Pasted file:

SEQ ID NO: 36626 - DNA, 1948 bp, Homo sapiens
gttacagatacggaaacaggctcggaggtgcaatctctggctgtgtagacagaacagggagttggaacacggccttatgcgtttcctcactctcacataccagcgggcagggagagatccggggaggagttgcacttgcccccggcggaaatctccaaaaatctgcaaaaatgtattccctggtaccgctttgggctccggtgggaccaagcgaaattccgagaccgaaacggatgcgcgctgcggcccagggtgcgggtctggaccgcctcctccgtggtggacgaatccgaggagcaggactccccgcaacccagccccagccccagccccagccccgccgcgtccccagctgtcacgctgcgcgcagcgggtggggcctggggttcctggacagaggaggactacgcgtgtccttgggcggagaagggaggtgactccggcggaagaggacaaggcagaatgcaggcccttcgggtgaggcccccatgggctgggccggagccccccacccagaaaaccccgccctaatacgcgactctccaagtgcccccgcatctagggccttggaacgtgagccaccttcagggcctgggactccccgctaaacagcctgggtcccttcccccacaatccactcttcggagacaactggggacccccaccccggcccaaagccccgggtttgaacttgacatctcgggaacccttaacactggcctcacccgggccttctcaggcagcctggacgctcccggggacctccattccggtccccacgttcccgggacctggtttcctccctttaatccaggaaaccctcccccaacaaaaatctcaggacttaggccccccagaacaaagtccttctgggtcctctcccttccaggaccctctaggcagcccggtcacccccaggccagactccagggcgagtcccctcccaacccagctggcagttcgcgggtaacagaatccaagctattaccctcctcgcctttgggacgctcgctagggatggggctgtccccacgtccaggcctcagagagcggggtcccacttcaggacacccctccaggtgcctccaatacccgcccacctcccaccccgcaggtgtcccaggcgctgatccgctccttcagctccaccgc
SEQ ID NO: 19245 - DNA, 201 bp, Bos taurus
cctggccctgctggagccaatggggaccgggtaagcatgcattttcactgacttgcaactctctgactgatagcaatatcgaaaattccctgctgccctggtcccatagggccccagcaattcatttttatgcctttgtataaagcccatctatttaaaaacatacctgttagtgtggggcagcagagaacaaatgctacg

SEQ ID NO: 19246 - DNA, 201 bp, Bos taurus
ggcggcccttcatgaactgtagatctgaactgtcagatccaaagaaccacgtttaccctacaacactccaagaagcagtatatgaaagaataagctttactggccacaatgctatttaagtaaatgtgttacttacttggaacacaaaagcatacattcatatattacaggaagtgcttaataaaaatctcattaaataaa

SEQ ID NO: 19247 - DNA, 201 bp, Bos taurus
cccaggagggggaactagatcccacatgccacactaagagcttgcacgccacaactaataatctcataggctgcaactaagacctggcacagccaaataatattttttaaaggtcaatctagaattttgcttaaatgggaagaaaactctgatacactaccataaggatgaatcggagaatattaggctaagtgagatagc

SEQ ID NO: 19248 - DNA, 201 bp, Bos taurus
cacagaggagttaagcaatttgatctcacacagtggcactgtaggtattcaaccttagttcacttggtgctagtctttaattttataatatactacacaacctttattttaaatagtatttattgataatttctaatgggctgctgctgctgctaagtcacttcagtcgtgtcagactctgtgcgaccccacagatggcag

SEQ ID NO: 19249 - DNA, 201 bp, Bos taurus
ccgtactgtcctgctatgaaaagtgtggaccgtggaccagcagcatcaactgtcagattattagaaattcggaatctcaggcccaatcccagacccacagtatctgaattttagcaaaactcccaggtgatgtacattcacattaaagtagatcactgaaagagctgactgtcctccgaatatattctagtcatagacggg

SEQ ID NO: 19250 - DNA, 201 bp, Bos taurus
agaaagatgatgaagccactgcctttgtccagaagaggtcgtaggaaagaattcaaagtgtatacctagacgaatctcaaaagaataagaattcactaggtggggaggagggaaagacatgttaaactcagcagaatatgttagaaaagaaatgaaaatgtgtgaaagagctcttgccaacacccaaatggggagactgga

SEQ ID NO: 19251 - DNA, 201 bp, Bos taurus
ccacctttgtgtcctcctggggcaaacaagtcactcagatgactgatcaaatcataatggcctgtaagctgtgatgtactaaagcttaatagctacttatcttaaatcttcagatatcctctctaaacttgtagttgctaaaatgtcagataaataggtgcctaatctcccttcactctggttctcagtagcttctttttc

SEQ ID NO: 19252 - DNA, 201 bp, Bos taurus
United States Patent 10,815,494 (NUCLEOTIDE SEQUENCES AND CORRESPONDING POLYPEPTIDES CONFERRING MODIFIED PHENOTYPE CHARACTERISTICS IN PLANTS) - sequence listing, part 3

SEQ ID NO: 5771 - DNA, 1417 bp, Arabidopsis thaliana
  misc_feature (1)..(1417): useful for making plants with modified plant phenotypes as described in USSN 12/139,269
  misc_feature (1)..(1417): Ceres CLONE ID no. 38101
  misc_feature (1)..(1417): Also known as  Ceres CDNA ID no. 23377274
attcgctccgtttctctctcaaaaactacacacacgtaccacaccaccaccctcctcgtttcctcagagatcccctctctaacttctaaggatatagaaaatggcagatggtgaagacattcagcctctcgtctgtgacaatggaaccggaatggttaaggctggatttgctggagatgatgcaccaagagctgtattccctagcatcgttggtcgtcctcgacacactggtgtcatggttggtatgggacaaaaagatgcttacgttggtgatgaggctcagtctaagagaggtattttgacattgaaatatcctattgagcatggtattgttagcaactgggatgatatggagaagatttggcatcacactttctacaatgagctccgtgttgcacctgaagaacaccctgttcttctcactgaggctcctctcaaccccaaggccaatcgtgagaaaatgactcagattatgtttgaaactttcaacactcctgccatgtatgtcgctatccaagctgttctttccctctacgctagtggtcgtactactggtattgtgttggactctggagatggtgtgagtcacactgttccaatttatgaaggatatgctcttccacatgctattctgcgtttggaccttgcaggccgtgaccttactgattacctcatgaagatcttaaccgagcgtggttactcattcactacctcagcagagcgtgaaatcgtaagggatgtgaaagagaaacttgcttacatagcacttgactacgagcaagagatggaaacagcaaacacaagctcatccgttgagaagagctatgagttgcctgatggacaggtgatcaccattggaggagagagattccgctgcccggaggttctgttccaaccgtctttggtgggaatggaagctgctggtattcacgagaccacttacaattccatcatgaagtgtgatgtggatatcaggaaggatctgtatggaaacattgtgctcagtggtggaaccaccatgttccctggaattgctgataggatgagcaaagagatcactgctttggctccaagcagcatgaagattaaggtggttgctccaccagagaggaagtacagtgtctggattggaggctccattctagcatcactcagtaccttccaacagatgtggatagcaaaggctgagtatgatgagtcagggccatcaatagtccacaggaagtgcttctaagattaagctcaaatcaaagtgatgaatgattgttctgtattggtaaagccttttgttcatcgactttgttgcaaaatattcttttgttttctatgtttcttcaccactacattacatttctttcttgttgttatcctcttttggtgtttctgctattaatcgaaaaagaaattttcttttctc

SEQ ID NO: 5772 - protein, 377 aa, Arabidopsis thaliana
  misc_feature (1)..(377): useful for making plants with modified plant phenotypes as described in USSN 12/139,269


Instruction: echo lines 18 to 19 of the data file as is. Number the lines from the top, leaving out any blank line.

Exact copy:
United States Patent 10,815,494 (NUCLEOTIDE SEQUENCES AND CORRESPONDING POLYPEPTIDES CONFERRING MODIFIED PHENOTYPE CHARACTERISTICS IN PLANTS) - sequence listing, part 3

SEQ ID NO: 5771 - DNA, 1417 bp, Arabidopsis thaliana